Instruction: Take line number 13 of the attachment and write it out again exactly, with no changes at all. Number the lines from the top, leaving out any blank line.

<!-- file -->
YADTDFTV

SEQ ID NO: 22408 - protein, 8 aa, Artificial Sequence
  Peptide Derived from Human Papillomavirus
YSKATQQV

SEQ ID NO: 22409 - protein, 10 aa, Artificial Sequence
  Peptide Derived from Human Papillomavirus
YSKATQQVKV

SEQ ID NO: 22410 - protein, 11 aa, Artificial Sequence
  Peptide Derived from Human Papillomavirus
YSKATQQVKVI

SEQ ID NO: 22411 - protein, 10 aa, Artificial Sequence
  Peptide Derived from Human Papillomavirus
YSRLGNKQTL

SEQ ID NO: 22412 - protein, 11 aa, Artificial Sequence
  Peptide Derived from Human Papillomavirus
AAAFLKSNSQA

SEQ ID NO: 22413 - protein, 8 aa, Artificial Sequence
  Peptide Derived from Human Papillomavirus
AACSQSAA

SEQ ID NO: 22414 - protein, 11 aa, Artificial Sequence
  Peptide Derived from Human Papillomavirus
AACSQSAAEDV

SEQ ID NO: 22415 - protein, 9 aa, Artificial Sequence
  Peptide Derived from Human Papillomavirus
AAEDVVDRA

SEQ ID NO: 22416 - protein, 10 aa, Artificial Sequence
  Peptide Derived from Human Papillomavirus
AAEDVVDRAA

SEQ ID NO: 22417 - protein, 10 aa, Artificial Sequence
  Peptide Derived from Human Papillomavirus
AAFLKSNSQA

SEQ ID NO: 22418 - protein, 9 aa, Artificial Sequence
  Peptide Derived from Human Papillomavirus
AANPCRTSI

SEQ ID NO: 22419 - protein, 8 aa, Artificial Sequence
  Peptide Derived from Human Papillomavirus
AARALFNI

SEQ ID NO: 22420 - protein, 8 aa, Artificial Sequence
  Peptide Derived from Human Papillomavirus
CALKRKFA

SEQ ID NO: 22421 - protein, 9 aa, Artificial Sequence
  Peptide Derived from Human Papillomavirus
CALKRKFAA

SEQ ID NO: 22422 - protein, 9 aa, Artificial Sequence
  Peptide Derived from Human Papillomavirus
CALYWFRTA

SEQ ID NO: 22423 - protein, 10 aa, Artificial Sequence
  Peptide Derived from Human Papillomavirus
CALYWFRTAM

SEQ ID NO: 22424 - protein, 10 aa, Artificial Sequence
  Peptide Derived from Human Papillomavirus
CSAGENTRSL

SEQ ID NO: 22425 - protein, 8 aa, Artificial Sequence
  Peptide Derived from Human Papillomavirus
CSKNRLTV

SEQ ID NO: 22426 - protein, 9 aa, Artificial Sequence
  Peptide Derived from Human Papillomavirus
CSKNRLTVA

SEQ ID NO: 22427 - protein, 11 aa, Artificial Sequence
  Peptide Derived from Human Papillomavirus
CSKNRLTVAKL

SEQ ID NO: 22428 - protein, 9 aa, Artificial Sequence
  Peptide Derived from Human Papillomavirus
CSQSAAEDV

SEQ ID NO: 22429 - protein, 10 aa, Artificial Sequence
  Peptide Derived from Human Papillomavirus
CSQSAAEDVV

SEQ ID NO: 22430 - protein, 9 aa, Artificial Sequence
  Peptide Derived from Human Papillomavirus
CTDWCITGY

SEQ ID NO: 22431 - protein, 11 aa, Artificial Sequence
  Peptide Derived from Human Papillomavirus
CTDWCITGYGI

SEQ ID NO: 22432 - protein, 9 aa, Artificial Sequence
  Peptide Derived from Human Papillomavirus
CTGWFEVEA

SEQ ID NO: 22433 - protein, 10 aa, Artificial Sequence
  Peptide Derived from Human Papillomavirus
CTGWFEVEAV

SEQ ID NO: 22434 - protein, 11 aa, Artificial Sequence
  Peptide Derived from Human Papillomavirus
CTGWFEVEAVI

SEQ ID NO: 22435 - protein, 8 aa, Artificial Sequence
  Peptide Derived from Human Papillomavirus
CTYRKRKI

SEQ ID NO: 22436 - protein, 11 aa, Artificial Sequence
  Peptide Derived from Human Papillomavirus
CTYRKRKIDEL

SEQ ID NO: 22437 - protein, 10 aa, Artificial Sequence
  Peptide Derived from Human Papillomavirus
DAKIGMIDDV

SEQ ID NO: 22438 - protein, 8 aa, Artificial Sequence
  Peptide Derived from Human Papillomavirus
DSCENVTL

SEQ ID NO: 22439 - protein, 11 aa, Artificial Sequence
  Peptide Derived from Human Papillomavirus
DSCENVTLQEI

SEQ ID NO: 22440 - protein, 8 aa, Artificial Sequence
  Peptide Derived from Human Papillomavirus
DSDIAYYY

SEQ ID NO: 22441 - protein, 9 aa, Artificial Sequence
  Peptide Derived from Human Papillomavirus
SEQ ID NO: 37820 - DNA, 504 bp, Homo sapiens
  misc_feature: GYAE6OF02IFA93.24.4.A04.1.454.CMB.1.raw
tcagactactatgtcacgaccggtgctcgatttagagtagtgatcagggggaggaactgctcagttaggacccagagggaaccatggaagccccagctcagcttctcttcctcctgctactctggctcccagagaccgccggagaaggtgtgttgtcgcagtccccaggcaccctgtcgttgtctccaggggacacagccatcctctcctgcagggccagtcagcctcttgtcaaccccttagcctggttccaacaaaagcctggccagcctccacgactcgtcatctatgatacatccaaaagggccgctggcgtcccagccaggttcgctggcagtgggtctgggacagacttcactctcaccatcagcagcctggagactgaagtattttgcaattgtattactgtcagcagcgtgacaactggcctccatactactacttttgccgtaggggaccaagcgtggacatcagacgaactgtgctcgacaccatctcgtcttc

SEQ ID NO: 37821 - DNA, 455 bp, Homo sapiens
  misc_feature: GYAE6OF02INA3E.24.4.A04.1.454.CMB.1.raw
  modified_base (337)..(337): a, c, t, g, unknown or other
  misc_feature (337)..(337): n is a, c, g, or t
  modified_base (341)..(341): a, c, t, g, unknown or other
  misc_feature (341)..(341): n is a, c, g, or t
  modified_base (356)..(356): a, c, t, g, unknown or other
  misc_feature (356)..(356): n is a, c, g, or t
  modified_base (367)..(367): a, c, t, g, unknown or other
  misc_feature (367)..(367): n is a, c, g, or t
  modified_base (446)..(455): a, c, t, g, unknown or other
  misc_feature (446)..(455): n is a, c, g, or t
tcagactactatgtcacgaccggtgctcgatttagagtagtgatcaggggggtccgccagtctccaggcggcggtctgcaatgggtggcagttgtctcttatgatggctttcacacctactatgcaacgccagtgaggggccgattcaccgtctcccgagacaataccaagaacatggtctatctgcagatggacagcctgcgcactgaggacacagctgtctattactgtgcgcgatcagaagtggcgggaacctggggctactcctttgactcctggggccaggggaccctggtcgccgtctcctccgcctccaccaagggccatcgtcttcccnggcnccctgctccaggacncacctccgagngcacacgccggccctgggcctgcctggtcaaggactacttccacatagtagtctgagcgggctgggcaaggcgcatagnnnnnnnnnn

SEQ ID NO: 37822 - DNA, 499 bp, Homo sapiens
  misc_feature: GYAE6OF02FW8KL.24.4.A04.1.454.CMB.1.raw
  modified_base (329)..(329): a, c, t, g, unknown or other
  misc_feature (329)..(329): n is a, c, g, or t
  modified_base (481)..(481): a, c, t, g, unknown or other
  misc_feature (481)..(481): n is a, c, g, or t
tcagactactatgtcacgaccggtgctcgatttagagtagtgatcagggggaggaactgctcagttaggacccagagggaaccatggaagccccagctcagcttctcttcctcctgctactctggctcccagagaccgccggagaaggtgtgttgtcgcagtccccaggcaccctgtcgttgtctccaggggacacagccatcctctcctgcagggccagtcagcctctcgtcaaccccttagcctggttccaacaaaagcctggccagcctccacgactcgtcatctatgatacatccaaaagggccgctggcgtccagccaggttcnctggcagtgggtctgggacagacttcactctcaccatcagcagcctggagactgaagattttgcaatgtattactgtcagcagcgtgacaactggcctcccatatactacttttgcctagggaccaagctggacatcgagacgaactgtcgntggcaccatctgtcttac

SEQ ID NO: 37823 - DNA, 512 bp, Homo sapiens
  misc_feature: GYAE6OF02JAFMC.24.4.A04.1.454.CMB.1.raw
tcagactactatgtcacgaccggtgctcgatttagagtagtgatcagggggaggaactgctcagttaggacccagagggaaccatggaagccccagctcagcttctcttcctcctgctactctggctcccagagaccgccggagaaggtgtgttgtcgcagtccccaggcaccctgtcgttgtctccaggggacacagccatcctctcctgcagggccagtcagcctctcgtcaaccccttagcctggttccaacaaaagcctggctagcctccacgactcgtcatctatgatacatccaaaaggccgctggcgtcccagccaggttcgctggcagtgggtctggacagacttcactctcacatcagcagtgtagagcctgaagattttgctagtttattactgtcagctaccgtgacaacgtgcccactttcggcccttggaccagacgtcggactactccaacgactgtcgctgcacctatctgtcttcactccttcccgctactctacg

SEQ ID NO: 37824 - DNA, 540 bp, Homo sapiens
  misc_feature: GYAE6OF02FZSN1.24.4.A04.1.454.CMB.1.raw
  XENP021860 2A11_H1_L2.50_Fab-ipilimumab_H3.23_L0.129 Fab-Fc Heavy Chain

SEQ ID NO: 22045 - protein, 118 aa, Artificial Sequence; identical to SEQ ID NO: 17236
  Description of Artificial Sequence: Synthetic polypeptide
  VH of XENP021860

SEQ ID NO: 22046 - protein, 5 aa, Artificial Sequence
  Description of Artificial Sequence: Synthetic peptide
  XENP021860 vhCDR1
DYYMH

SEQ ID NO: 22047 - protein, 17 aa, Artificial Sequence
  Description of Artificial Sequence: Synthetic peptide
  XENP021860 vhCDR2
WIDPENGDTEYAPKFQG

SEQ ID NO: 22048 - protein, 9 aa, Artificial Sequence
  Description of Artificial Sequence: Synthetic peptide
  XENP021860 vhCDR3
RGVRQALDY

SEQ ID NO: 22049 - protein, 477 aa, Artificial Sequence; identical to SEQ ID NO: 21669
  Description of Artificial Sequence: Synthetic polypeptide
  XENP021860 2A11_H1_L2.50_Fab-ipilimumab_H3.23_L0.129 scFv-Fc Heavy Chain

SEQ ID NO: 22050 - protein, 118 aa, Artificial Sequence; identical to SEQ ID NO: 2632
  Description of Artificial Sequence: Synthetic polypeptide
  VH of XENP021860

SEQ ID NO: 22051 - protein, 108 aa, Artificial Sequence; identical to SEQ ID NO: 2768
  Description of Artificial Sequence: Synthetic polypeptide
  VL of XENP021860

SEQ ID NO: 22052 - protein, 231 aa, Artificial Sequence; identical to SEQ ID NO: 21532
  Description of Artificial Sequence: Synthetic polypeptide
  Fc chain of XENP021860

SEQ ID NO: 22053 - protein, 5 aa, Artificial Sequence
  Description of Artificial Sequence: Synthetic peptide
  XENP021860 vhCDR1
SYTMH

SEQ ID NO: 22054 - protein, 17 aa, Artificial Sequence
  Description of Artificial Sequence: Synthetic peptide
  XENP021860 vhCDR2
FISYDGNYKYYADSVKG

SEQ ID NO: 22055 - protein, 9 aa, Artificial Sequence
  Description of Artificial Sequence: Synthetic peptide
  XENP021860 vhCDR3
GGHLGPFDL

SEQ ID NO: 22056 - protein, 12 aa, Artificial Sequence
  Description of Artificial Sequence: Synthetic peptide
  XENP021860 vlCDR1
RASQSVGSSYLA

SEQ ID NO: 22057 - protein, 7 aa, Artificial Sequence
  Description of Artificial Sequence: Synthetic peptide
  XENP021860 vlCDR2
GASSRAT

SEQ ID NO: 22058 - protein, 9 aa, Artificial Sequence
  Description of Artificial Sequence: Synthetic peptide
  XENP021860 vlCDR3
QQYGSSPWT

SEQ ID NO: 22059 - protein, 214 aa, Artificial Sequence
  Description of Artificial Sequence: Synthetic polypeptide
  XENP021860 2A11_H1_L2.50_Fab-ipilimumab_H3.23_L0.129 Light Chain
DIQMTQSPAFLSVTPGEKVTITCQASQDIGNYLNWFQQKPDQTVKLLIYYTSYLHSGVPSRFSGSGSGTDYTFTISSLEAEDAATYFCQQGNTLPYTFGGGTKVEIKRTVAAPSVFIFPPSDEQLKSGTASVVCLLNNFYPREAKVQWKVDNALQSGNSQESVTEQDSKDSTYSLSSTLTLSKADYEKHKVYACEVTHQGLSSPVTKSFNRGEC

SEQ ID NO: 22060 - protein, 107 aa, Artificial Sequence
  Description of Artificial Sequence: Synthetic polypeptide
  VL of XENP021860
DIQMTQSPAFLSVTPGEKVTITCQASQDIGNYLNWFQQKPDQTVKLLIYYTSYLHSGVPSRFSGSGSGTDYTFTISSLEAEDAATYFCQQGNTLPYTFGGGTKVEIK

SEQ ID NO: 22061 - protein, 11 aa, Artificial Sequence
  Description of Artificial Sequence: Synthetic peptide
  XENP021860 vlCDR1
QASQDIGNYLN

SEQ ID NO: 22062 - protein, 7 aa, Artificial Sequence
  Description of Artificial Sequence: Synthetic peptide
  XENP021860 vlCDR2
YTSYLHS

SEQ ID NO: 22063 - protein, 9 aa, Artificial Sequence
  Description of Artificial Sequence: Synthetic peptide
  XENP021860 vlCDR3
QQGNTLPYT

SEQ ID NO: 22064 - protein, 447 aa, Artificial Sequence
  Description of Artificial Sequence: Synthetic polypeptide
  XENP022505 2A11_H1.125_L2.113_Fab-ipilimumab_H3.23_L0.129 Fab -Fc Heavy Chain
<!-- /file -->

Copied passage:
YSRLGNKQTL